I cannot find a crtical essay on, " The Crossing", does anyone have any ideas where I could find this or where i could find a review??
>>By bookworm03 (Saturday, 25 Jan 2003 12:58)
ME EITHER!!! any ideas anyone?
>>By stacey4lr (Wednesday, 23 Apr 2003 21:47)
I read "The Road" recently and lent it to a friend. He had read "Blood Meridian" and "The Crossing" but "The Road" was tough going for him and me too. It seems like McCarthy has come to the end of the road and is not very optimistic about what lies ahead. But then, when you get to the end. Where is there to go?
>>By mythster (Friday, 23 Mar 2007 14:27)
I read The Road in one sitting - on a flight from Sacramento to Atlanta - and was in love with every word. I found it to be pure genius. I don't think the book has anything to do with what McCarthy is personally feeling about the prospects of "what lies ahead." If it did then I would say he has great hopes for the future; after all the book ended with the boy finding a family to grow in. I got the distinct feeling that the end of The Road was the rebirth of civilization through the boy. It was a terrifying and beautiful read. Worth every moment I spent gulping it down on a cross-country flight.
>>By VoraciousBibliovore (Thursday, 6 Sep 2007 17:40)
Just finished "No Country for Old Men" and was very satisfied. I find that it's a soon to be released movie (maybe already as of 27 November, 2007.)
Based on this read I obtained "The Road," "All the Pretty Horses," "The Crossing" and "Cities of the Plain."
I've got a feeling that these won't be the only McCarthy publications I will be reading.
>>By Windwoodtrader (Tuesday, 27 Nov 2007 02:48)
I'm insane over McCarthy!
I'd never really given him a chance because I thought he wrote Westerns, but my boyfriend assured me that I'd like him. . .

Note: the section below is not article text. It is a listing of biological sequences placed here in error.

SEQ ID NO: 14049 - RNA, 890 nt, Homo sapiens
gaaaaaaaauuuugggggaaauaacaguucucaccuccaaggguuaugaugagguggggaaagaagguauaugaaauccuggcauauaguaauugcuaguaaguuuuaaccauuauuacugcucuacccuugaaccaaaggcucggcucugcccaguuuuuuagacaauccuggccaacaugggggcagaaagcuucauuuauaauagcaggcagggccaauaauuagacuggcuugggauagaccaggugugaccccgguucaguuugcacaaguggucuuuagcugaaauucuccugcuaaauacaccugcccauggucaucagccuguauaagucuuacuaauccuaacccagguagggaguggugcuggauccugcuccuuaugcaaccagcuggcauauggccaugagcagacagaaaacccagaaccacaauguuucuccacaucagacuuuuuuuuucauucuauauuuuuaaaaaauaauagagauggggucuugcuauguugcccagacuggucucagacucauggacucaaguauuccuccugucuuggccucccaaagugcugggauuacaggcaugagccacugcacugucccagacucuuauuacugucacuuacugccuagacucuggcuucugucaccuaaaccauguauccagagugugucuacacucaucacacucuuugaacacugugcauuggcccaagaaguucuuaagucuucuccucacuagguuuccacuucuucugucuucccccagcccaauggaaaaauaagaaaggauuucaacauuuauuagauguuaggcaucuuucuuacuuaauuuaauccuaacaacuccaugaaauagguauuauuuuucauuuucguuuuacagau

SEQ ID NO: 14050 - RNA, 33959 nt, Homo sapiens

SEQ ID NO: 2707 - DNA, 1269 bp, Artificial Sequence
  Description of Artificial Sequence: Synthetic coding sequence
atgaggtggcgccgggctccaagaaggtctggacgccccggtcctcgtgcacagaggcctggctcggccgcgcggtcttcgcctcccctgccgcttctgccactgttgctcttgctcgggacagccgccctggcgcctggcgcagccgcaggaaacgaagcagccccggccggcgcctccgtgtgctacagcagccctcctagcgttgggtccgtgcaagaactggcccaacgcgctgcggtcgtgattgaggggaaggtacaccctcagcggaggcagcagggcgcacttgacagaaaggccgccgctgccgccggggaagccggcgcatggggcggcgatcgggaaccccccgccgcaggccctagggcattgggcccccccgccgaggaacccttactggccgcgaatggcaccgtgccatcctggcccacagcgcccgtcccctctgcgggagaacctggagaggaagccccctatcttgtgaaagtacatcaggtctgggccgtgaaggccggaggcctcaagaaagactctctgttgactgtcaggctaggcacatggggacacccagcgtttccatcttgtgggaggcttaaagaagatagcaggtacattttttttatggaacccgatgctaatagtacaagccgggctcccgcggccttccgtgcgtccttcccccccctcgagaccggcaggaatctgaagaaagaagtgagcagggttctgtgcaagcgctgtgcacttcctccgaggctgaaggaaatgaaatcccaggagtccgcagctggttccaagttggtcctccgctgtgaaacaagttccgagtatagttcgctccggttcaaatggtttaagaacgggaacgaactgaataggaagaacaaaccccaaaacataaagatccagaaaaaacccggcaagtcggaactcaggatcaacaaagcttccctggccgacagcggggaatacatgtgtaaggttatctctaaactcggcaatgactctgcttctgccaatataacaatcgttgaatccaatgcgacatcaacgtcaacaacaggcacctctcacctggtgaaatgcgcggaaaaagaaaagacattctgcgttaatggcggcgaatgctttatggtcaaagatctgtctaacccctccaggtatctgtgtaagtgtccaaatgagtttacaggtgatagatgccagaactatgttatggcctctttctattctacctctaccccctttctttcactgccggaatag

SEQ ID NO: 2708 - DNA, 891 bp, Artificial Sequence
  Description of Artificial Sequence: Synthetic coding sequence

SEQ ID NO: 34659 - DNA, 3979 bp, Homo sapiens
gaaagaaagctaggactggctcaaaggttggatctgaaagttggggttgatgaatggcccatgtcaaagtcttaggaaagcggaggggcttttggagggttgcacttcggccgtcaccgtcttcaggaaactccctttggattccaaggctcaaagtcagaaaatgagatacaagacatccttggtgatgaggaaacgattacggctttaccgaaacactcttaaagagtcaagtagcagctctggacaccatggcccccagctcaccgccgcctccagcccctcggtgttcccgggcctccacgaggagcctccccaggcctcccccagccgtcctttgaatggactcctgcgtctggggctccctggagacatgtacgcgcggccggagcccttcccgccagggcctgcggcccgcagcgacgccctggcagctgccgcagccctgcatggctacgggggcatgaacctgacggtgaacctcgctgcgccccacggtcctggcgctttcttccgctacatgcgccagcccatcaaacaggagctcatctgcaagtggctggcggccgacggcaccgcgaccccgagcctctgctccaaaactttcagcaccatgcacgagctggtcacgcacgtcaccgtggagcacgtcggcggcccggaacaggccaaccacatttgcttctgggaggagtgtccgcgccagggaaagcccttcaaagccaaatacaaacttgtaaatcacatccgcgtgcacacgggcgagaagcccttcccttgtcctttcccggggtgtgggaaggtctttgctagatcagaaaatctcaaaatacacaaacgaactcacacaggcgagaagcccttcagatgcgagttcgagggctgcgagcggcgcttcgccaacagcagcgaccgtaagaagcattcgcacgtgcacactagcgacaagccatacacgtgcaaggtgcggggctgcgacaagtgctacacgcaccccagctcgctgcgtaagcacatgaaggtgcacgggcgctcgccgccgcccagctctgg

Blood Meridian is hands down my favorite! It's brilliant. I've never loved a villain as much as I love Judge Holden. He's mythical. Gigantic. Omnipresent. I also love how McCarthy manages to make even the heroes into villains. I bought Blood Meridian for my grandfather last X-mas. I sent it to my brother while he was in jail las year. I'd recommend it to anyone. . .
Some of my other favorites are Outer Dark, The Road, and Child of God, all of which make desolation terrifying.
One final note: I love that Oprah chose The Road for her book club! I love thinking of all of those middle aged women reading that book. . .
>>By drowninginflame (Friday, 14 Dec 2007 05:53)
Coming into the knowledge of Cormack McCarthy through the theatrical release of "No Country For Old Men" (which I actually haven't seen yet), I checked out a copy of "Child of God" from the Seattle Public Library, and I have to say that I was totally blown away...his writing is very spartan and very seminal, and McCarthy is my new shiny thing that I've found.
"Child of God" was excellent, I think it's a very bold commentary on the condition of Man and I hope people people who read it don't simply absorb the sensational acts that take place, but recognize what he says about what motivates us all and really enjoy the artisan work that it is.